In the early hours of February 10, 1990, two gunmen barged into a bowling alley in Las Cruces, New Mexico, and committed one of the most heinous unsolved murders that’s ever been recorded in the US.
The Las Cruces Bowl massacre involves some of the worst murders that occurred in bowling alleys. Not only did the perpetrators shoot all of their victims multiple times, execution style, but they finished their crime by setting the building on fire. These were criminals who didn’t want to leave anyone alive. The fact that they haven’t been caught in more than 20 years is absolutely maddening.
Murders taking place in bowling alleys are a rare tragedy, which makes the Las Cruces Bowl massacre even more baffling. These unsolved bowling alley crimes are some of the worst ironies of modern crime, but thanks to modern DNA and surveillance, it’s highly unlikely that anything like this will ever happen again. The following Las Cruces bowling alley murders facts break down exactly what happened on that terrible morning and the ongoing investigation into the identity of the killers.
Two Men Shot Everyone They Saw In The Bowling Alley, Then Set It On Fire
On the morning of February 10, 1990, two gunmen entered the Las Cruces Bowl and in a short amount of time they scarred Las Cruces, New Mexico forever. The bowling alley's cook, Ida Holguin, was doing prep work that morning when the gunmen came in through an unlocked back door and began herding everyone into the manager's office at gun point.
Once there, the unmasked gunmen grabbed $5,000 from the office's safe before shooting everyone else at pointblank range and setting fire to the building. As the building began to burn the two men made a run for it and disappeared without a trace.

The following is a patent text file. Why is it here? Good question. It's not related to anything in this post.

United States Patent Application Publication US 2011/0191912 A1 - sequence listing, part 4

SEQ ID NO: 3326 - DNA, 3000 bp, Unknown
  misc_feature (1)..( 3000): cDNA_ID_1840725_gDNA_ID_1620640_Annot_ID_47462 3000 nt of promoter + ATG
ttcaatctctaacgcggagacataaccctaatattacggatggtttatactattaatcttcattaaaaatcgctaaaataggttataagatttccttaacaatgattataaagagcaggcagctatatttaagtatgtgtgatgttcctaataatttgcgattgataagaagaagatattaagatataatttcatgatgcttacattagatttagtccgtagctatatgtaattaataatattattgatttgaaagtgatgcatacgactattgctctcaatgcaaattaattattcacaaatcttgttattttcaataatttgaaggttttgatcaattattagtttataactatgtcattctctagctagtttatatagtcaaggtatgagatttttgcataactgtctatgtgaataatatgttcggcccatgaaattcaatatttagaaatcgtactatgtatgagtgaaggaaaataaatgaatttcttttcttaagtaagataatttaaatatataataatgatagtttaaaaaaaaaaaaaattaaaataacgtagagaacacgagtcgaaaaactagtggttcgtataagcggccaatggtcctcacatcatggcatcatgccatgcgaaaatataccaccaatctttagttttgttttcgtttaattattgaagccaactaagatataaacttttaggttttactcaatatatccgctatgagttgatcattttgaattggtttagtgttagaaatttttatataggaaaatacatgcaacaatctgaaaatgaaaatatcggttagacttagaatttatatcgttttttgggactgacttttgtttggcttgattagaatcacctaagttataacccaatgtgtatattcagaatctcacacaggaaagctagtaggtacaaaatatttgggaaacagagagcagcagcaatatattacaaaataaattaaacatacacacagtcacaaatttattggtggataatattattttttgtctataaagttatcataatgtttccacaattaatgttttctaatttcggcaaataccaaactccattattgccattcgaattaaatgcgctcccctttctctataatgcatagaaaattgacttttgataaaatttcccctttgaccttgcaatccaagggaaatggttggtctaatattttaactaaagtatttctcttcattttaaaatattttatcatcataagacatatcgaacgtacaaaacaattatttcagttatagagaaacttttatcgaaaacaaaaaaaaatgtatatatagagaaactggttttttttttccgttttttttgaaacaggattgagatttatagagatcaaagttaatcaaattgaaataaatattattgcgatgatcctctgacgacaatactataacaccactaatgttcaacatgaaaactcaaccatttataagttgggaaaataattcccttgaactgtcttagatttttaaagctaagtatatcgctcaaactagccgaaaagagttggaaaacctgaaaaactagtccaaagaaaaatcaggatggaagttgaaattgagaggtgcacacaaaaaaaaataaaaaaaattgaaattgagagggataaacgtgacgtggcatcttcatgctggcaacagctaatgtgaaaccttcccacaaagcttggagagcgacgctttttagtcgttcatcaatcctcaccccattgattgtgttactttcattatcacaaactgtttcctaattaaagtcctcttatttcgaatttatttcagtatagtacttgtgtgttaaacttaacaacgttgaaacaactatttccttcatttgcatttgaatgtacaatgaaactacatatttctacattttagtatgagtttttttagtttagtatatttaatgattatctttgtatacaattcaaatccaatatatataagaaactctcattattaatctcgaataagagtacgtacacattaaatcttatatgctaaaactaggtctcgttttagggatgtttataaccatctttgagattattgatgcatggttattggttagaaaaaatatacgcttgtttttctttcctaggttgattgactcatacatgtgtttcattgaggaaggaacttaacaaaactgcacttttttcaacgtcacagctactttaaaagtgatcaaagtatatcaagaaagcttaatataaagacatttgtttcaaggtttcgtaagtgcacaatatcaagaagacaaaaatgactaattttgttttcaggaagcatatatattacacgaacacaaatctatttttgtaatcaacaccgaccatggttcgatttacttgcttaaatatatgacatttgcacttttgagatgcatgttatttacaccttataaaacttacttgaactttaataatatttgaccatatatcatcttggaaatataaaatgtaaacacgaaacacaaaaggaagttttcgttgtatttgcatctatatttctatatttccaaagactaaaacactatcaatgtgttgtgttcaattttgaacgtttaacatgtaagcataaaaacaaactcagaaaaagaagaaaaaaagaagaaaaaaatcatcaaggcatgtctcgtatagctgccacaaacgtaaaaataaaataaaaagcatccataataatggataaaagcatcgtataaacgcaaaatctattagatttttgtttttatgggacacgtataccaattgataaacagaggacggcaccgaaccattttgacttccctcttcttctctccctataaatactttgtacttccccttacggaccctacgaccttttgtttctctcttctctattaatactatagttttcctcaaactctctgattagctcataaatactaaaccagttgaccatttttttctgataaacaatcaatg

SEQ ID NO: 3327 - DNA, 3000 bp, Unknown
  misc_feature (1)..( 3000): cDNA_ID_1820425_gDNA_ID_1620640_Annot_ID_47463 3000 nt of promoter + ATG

A 12-Year-Old Called 911
One of the victims, 12-year-old Melissa Repass, was able to maintain her cognizance long enough to call 911 despite having a bullet lodged in her head. As the office burned around her she calmly spoke to an emergency dispatcher and explained what happened. In a horrifying recording that still exists, she tells 911 that the men shot her five times and that there were seven victims in total.
When the dispatcher told Repass that help was on the way all the girl could muster was, "Please hurry. There's a bullet in my head." Because of her quick thinking in the face of death, Repass was able to save herself, Ida Holguin (the bowling alley's cook), and bowling alley manager Stephanie Senac.
As The Fire Was Burning, More Victims Walked In
This robbery was so poorly planned from the beginning that it's amazing that no one was ever caught for the crime. As the killers were in the manager's office stealing $5,000 and holding five people at gun point, the bowling alley's mechanic, Steve Teran, inadvertently walked in on the sick scene with his two daughters.
The killers, who were setting fire to paperwork in the office as the Terans walked in on them, brutally did away with the entire family as the office began to burn.
The Killers Were Not Wearing Masks, Yet No One Was Able To Identify Them
When the killers burst into Las Cruces Bowl on that February morning in 1990, it's likely that they didn't think they were going to run into seven people. Because of this miscalculation, neither of the men were wearing masks. It's impossible to understand their intentions, but it's likely that they thought they would only be dealing with one or two people tops, and that they would shoot to kill.
The killers were described as being Hispanic males, one of them around 30 and the other close to 50 years in age. The younger killer had dark wavy hair and no accent, while the older man was going gray and he had somewhat of an accent. With the amount of damage that these two did it's amazing that any of their survivors can remember anything .